Kohler Command ignition module?

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  #1  
Old 06-17-15, 06:21 AM
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Kohler Command ignition module?

I have a 20 year old Toro Proline with a Kohler Command CH20QS engine, and 800-900 hours. It takes me maybe 2-1/2 hours to mow the lawn, and, new this year, each time I mow I have about a 30 second stretch when the engine loses power. Keeps running, but the RPM's drop a bit, and it feels sluggish, so I stop, disengage the blades, throttle it down, let it idle 20-30 seconds, rev it back up, engage the blades, and it continues flawlessly. It got new plugs, air filter, etc. this spring, and because I had to replace one of the head gaskets a few years ago, checked the compression, and everything looks good. So am now thinking that maybe one of the ignition modules is going bad. My plan now is to pull one of the plugs today, with it running, and see if that replicates the sluggishness. If it does, then put a fuse puller on the mower, so that the next time it does this while I am running it I can pull one of the plug wires to see if that is indeed the problem. Assuming this is the problem, is there any reason to change both modules, or just the bad one? Make sense, and/or any other thoughts?
 
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Old 06-17-15, 10:02 AM
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Makes sense. If you determine one cylinder is skipping, I would put an inline spark tester in next so that you can visually see if there is spark or not when this happens.
 
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Old 06-17-15, 10:36 AM
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Thank you. Don't use the spark tester too often, so hadn't thought about it, but now have it and the fuse puller laying on the seat of mower. Also ran it just a bit with one plug wire pulled off, and yup, same exact scenario. In fact, will still do the test when I mow next, but am sure enough that I'm on the right track, I took a leap of faith, and ordered a pair of modules a little bit ago. Heck of it is that actually replacing the modules is simple, but it's getting the engine unbolted, the muffler guard and all of that out of the way, finally getting the fan cover off, and everything back together that turns it into a half day job. So, figured I may as well spend the extra now and be done with it. If I find something else, will only be out the shipping to return them. We've been getting so much rain that the grass is already growing faster than I can keep up with, so don't want to have it down twice. Thank you again.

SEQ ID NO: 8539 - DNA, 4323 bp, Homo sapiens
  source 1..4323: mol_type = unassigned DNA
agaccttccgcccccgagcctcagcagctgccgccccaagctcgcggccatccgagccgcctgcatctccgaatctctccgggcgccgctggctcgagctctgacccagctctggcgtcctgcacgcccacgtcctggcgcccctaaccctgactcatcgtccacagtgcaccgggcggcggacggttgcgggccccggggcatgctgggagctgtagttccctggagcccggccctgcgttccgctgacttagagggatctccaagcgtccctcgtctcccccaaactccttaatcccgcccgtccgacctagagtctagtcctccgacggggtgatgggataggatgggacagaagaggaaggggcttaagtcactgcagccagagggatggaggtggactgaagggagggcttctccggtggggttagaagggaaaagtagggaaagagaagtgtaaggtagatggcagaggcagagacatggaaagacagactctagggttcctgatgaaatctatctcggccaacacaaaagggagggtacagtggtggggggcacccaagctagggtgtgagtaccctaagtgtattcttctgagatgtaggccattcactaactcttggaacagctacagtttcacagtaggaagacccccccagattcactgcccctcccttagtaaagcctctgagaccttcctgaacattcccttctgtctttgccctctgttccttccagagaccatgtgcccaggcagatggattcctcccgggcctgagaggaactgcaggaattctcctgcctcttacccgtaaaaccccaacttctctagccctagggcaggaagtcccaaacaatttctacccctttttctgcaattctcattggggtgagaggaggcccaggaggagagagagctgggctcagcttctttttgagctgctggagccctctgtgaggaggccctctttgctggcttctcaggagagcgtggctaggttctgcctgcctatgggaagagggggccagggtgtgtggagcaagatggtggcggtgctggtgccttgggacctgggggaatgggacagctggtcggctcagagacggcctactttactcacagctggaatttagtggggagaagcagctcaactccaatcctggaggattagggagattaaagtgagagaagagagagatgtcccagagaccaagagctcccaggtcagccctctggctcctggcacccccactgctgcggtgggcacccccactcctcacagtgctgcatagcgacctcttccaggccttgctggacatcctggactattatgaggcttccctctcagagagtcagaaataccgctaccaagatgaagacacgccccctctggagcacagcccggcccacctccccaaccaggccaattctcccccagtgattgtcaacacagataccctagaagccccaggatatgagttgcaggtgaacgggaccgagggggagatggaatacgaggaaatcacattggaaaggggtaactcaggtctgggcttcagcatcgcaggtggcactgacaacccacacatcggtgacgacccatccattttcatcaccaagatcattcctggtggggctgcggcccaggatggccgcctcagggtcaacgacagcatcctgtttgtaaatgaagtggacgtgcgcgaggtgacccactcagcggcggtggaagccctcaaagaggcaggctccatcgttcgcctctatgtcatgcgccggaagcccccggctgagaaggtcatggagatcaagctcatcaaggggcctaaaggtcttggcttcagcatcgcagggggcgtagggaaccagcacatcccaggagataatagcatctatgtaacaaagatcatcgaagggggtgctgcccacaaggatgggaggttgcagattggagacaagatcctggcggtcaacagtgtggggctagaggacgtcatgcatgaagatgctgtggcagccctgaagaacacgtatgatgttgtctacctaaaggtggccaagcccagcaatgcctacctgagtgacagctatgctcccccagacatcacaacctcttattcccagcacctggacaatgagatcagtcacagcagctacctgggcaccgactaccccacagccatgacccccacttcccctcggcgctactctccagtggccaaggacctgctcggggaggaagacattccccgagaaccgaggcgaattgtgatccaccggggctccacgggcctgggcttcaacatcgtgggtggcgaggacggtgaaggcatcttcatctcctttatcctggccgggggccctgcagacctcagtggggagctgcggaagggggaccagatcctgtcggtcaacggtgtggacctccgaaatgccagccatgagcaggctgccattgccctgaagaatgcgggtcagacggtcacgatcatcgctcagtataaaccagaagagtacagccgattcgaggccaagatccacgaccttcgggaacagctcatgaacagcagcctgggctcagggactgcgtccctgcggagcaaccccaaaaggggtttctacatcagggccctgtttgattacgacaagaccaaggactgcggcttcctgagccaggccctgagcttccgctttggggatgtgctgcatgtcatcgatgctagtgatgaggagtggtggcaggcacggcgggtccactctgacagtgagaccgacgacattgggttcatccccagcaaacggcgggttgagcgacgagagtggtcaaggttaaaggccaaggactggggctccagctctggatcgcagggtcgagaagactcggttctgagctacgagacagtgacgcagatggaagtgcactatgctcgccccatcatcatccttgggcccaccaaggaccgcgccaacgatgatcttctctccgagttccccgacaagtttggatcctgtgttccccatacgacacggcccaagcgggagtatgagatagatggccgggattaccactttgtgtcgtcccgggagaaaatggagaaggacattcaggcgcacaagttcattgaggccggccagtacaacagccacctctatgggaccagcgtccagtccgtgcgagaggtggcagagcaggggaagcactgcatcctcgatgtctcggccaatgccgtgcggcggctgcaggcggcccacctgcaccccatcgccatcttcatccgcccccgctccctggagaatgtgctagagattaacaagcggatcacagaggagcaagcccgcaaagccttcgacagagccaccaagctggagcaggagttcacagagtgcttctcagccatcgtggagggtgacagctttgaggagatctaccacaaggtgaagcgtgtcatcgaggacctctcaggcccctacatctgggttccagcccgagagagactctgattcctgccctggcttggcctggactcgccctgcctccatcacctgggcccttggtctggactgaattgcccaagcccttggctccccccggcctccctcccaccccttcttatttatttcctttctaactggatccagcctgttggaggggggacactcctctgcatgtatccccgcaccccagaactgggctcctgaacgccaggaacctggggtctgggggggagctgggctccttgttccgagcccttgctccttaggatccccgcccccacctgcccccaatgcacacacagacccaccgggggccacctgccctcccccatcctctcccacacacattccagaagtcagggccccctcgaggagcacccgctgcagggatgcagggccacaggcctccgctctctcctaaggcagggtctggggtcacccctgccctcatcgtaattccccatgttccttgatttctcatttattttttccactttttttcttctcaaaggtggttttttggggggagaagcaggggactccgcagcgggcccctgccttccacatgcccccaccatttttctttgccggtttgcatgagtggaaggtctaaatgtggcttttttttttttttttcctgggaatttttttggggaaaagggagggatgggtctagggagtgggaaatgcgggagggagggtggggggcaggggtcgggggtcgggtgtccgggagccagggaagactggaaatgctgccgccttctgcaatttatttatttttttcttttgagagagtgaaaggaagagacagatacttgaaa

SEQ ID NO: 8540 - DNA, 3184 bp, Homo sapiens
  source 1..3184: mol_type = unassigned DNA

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Old 06-17-15, 06:00 PM
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If you haven't, you might pull the plug wire on each side one at a time and make sure you get the same results on each cylinder.
I don't believe I have ever seen a coil go out for a short time then working again without some extended cool down period.
It would also be a good idea to check your valve clearance, especially on the side the head gasket was replaced on. A compression test will not show a valve that is not opening, but a valve not opening will keep that cylinder from working.
 
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Old 06-18-15, 06:22 AM
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I like the idea of pulling each plug wire, and may do that yet, except that access to the back plug requires removing the fuel tank on this one, so need to get creative to do it. And I agree on thinking a coil problem wouldn't resolve itself that quickly, but have found a few posts and articles on the web that seem to say that is exactly what they ran into. Also would agree with a possible valve train issue, but it has hydraulic lifts, no adjustment, and I think that say a burned valve or whatever would be more pronounced, so am sort of skirting that possibility for the time being. I appreciate the thoughts and suggestions though. Thank you.
 
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Old 06-18-15, 10:33 AM
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These engines do occasionally have valve problems, but normally it's a seat that pops out of the head and falls out of place sporadically and back in place sporadically. Thing is, when that happens, you normally get pops and backfires. I'd suspect a coil or possibly even carburetion from your description. Despite what it seems, the carburetor can make one cylinder weaker than the other. I had one that came to me 4 different times for one cylinder dropping when it got hot and I replaced the coils and plugs and the last time I put it out in the field and mowed with it for a long time until it acted up so I could experience the problem myself. It wound up being a carb problem.
 
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Old 06-18-15, 10:56 AM
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I mentioned that I thought a valve problem would be more pronounced, and the popping and/or backfiring was what I had in mind, so anything is possible, but yes, would expect that sort of thing if a valve were burned. Will keep the "floating seat" scenario in mind though. Interesting on the carburetor. Ironically, I was thinking recently that I have never had to even touch the carburetor in 20 years, but did not consider it a possible candidate in this case. Do want to get it running right again, but sort of wondering why because I probably should be replacing it. Came close last year, until one of the local dealers jacked me around a bit after I told him to order one, but I bought this one new, and has always done a great job, so am going to hate to part with it.
 
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